Earlier this year I was awarded with a residency funded by the Printmakers Council at London Print Studio. I had free access to the studio for 30 sessions over 4 weeks as well as a bursary for travel and materials. I would also get to feature in London Print Studio’s Newsletter and have the opportunity to display work from the project as ‘Featured Artist’ at London Print Studio Gallery.
‘Originating from South Africa, memories and past stimuli have a strong influence on the themes I attempt to encapsulate in my work. My earlier work tends to be relatively complex, not only in the layering technique I employ but also in the choice of my subject matter and how I choose to depict it. My style is inclined to be very illustrative and detailed and sometimes I feel I have the tendency to overwork a design. Currently I am trying to break away from this in an attempt to deconstruct and simplify an idea; to break it down to its core and true essence. I find a ‘less is more’ approach most challenging. I hope to become subtler in my application and have the patience to slow down and gradually build up layers in order to reach the desired effect. I am especially inspired by primitive motifs and mark making and hope to learn from the simplicity in approach and structure I see in these.
This new path is a recent manifestation of my work. I am of the opinion that the residency would be the perfect opportunity to experiment, refine and consolidate my ideas. In addition to the input from London Print Studio and fellow artists, I hope that this period of focus will lead to unexpected results with surprising offshoots.
My hope is to do a body of work called ‘Africanisms’. These will be made up of silhouettes of African objects juxtaposed with their surrounding space. The object is chosen not only for its interesting shape but also for the subconscious symbolism it may conjure. The placement of the shape on the page needs to be dynamic, abstract and alluring. Within the positive and negative areas the mark making must be rich and beguiling. I want to experiment with colours, unusual yet pleasing contrasts. I hope to create work that speaks to all through its form, texture and colour without being obvious. Although, in theory this seems simple – getting these to work in harmony will be the challenge.’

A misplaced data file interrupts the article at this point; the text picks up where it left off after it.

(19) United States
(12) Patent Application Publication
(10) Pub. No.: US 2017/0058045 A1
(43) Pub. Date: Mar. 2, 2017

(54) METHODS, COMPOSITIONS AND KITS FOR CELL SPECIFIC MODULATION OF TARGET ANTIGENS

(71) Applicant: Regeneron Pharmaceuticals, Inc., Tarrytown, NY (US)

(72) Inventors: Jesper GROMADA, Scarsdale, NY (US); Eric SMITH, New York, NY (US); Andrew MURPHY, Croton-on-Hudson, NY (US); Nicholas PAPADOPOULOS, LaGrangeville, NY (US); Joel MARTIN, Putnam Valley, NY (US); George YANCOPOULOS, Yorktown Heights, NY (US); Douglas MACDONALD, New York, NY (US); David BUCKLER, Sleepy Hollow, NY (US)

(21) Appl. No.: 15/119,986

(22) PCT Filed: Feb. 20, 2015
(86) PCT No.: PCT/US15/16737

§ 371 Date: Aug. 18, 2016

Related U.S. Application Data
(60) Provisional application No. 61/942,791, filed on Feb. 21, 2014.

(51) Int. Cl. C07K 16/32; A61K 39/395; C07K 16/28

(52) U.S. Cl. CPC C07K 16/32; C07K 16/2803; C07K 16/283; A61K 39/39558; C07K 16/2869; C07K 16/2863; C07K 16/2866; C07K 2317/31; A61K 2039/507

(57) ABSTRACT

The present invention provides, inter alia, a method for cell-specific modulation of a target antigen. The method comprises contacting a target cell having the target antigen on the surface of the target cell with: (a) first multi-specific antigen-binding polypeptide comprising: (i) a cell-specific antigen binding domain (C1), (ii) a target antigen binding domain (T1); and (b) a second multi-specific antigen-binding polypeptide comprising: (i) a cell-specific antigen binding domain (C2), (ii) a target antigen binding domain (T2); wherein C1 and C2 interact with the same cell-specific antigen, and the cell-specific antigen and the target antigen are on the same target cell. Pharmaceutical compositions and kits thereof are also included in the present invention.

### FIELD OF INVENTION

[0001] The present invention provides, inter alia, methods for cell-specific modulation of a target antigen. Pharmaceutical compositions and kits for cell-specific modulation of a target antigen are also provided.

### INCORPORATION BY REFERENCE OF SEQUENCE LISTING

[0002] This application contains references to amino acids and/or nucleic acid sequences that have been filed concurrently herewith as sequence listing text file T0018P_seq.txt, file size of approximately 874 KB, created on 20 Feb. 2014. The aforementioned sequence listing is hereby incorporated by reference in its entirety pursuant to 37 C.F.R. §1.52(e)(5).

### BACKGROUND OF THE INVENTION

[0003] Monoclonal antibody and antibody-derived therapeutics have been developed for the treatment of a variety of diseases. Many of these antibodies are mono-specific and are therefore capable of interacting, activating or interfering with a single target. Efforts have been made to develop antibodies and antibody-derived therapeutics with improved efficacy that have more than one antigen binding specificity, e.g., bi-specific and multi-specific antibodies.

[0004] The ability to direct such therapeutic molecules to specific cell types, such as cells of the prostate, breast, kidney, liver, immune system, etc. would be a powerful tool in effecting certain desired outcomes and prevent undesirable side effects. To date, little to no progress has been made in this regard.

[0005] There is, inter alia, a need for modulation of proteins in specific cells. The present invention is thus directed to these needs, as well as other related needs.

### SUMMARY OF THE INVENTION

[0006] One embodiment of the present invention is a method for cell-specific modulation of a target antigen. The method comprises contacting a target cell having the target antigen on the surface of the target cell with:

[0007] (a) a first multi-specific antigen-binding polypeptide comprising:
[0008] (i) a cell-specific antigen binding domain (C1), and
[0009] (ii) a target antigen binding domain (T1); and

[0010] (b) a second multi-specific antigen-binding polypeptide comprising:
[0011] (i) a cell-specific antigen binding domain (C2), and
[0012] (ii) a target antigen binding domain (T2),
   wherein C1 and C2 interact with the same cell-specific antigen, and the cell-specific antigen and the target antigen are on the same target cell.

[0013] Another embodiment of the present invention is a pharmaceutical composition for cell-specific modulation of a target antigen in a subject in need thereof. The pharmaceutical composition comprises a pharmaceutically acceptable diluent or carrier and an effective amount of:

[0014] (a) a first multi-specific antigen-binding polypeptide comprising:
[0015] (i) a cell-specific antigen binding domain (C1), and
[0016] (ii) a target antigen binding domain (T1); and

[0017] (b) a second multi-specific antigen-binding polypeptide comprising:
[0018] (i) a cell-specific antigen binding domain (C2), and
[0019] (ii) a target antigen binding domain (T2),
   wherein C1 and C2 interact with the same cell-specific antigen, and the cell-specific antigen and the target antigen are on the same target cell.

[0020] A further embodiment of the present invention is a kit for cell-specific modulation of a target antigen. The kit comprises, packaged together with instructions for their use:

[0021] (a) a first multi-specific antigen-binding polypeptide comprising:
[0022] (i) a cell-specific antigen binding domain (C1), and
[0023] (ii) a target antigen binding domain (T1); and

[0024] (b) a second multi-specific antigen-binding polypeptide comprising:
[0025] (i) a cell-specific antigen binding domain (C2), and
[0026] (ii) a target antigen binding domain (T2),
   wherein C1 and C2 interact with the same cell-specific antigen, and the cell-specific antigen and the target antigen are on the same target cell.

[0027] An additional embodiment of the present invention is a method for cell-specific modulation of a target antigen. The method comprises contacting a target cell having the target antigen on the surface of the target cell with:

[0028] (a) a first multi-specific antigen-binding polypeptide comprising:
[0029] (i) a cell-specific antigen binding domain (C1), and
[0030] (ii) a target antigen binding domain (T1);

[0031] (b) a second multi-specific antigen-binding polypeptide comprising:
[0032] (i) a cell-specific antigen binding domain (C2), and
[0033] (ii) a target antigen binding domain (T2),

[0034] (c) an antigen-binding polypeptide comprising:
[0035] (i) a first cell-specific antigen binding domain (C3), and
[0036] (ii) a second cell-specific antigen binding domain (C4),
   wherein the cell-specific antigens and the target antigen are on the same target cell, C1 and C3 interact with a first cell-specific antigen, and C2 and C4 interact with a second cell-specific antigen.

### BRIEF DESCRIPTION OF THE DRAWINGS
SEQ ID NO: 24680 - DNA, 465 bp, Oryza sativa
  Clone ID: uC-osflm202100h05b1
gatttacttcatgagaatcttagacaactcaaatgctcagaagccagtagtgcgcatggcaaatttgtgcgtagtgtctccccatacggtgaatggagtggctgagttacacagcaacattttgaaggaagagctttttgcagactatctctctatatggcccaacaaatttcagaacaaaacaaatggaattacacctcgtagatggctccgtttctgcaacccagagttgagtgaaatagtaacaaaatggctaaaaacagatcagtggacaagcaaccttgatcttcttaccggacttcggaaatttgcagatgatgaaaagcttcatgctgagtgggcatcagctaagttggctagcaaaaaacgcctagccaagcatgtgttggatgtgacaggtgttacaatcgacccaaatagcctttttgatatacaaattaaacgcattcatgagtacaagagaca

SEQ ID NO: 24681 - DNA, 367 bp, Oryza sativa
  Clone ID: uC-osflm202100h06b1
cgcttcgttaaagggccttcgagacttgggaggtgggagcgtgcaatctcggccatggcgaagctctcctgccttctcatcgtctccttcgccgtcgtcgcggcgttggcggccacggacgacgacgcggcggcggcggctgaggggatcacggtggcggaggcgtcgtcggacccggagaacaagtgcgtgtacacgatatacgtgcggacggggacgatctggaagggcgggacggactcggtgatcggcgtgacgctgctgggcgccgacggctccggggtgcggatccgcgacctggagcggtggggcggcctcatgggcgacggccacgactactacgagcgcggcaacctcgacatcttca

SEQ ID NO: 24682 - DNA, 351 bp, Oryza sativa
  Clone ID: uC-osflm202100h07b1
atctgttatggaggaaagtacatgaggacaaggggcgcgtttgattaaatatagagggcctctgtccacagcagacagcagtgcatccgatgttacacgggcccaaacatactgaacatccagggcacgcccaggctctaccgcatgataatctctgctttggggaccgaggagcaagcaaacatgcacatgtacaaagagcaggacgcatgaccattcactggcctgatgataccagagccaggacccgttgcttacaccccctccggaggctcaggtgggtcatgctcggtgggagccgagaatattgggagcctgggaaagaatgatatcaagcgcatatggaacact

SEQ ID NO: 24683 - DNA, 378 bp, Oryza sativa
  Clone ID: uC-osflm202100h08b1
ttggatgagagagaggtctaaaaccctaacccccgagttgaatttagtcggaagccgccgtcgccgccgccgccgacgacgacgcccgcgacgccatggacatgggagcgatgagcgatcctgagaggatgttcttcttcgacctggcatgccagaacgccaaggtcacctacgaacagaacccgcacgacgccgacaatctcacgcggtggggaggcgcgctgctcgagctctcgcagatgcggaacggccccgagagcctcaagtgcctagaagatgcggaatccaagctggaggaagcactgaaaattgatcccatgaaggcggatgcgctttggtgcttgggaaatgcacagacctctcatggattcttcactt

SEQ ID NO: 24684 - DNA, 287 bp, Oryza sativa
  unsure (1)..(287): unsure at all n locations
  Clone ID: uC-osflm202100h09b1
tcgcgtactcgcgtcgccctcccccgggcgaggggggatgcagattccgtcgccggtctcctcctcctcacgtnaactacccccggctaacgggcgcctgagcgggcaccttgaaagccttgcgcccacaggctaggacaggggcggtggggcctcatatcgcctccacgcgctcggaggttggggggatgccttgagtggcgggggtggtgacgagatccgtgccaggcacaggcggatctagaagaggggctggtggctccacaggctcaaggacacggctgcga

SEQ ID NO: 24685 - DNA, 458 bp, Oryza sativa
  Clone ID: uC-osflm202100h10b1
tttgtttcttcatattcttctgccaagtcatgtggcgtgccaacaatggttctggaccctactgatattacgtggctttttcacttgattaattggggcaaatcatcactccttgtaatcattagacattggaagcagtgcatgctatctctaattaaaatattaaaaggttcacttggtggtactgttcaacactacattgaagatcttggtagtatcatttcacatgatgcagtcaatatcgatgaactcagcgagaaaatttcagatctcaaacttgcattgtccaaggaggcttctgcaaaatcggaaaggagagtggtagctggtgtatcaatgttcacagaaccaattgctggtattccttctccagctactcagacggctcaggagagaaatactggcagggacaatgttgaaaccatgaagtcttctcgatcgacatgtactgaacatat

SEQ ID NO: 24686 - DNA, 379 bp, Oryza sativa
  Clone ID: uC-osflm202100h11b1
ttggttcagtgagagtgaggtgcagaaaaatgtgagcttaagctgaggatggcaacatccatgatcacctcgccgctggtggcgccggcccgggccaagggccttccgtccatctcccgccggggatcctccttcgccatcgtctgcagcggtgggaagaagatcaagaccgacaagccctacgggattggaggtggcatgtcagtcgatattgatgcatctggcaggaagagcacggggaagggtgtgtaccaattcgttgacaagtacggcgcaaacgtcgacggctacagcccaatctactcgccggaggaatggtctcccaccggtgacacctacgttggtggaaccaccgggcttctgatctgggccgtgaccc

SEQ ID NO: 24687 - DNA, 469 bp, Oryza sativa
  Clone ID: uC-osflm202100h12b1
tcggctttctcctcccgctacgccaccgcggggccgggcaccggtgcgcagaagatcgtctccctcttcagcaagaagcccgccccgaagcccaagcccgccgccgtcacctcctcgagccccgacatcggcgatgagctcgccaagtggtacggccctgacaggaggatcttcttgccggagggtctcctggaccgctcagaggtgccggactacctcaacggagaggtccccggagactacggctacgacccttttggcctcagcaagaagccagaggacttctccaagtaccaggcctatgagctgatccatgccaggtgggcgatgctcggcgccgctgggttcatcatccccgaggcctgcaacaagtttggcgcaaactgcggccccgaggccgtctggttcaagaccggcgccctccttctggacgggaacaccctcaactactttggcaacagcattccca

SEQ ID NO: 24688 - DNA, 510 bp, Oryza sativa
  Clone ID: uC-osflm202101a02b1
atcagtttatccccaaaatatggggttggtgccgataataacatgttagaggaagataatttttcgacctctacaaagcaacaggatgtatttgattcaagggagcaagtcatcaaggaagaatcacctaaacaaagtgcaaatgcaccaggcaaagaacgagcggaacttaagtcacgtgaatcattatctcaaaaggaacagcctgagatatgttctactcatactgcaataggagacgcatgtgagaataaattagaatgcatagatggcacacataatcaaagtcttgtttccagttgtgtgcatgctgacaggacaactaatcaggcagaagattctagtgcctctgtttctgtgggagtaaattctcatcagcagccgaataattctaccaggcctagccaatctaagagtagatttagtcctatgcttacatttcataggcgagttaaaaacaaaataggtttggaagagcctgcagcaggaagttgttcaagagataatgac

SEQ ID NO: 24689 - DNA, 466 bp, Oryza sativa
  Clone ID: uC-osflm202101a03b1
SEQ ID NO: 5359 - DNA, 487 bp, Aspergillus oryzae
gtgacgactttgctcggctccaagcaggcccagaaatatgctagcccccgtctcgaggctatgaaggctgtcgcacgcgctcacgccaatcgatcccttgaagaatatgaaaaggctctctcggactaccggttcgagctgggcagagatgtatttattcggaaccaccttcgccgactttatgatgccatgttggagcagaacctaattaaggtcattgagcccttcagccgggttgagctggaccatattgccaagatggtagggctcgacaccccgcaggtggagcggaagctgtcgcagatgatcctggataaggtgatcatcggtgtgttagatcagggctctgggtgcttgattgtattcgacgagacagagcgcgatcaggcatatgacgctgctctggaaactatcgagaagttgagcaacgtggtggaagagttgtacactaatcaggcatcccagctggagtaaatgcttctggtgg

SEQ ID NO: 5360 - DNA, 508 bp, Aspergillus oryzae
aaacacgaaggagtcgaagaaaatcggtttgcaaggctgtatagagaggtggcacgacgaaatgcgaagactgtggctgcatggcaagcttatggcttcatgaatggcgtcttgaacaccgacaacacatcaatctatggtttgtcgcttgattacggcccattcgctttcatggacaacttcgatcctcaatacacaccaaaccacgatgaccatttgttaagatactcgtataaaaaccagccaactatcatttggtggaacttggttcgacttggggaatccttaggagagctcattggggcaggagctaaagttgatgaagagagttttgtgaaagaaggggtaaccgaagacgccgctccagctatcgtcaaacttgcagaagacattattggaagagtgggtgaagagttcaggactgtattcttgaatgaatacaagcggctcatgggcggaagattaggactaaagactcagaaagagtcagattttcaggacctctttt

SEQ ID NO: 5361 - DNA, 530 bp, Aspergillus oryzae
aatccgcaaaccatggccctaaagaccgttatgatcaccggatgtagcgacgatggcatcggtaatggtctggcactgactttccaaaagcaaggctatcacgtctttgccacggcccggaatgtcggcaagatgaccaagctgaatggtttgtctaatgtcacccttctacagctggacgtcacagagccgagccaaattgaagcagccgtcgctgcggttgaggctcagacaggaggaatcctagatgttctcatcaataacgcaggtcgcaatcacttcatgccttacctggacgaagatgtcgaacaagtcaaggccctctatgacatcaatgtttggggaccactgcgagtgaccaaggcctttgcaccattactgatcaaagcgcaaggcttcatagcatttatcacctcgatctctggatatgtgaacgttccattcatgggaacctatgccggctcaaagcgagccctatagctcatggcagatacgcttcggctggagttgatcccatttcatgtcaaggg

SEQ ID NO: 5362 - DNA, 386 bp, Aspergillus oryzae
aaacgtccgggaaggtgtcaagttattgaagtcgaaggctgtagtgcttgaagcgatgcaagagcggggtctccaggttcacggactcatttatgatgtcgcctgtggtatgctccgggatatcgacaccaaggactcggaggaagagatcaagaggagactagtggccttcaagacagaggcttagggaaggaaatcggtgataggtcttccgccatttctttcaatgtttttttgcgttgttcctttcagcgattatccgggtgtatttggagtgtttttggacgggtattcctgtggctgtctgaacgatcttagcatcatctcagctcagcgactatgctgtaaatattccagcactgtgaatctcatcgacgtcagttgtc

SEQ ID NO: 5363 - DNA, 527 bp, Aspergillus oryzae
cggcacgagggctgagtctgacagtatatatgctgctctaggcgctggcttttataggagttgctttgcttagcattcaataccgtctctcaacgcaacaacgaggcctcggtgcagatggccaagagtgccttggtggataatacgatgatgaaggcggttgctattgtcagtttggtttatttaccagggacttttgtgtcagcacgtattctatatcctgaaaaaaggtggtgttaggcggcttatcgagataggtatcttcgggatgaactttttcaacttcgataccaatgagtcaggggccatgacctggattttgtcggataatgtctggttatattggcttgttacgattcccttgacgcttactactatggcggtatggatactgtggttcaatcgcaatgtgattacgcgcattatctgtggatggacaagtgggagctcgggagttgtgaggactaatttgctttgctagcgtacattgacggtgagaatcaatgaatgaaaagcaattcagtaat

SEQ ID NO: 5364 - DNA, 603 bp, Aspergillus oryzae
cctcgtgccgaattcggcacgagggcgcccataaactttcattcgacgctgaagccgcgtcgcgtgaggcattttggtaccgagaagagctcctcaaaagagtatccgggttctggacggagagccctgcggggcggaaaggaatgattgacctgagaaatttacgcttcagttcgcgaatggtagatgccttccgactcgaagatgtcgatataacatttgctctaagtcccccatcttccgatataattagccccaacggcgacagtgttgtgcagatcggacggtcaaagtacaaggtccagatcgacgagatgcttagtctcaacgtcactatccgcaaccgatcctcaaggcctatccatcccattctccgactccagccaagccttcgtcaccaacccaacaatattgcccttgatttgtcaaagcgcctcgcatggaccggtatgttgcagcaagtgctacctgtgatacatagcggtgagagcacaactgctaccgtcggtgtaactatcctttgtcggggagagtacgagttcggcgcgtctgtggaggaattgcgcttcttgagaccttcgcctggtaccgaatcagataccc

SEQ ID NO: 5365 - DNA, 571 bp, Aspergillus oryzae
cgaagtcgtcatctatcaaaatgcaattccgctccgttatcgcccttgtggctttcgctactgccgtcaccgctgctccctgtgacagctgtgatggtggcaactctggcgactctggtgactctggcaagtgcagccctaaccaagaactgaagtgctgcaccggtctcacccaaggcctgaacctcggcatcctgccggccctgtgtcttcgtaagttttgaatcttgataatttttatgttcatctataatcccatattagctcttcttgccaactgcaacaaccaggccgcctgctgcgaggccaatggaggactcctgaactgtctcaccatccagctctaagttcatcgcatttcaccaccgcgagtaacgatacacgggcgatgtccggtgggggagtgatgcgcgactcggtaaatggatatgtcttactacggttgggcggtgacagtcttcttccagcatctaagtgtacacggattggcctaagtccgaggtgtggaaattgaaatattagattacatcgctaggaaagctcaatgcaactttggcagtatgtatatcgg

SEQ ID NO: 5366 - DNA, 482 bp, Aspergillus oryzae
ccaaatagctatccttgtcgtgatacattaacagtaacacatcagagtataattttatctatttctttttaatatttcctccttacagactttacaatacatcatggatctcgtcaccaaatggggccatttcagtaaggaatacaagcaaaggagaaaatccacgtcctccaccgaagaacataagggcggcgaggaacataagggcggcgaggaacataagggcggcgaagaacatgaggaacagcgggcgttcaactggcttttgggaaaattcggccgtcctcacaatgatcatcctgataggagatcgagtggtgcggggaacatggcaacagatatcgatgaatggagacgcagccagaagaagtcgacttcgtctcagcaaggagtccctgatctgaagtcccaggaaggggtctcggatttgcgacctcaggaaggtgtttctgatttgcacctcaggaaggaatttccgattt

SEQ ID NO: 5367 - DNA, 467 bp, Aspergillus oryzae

I decided on using paper stencils as the method to create my imagery. In this way I could keep the composition simple and concentrate on the juxtaposition of texture and colour. The layers were made by overlapping shapes and through the gradual building up of the positive and negative areas. I apply the ink to a perspex ‘plate’, lay out my stencils onto the paper and run all through the press. Each time I remove the plate and stencils the result is surprising – it is this magical moment in printing I find so satisfying.
The technical support and the help and guidance from all at London Print studio assisted in the development of my work. In particular I found the input from Darren van der Merwe extremely beneficial. His keen eye and objective criticism helped me look at my work and make positive adjustments.
This experience had an invaluable effect on the development on my work. It allowed for an intense period of concentration on ideas and techniques and the freedom to experiment. I am truly grateful and thank everyone concerned for the opportunity.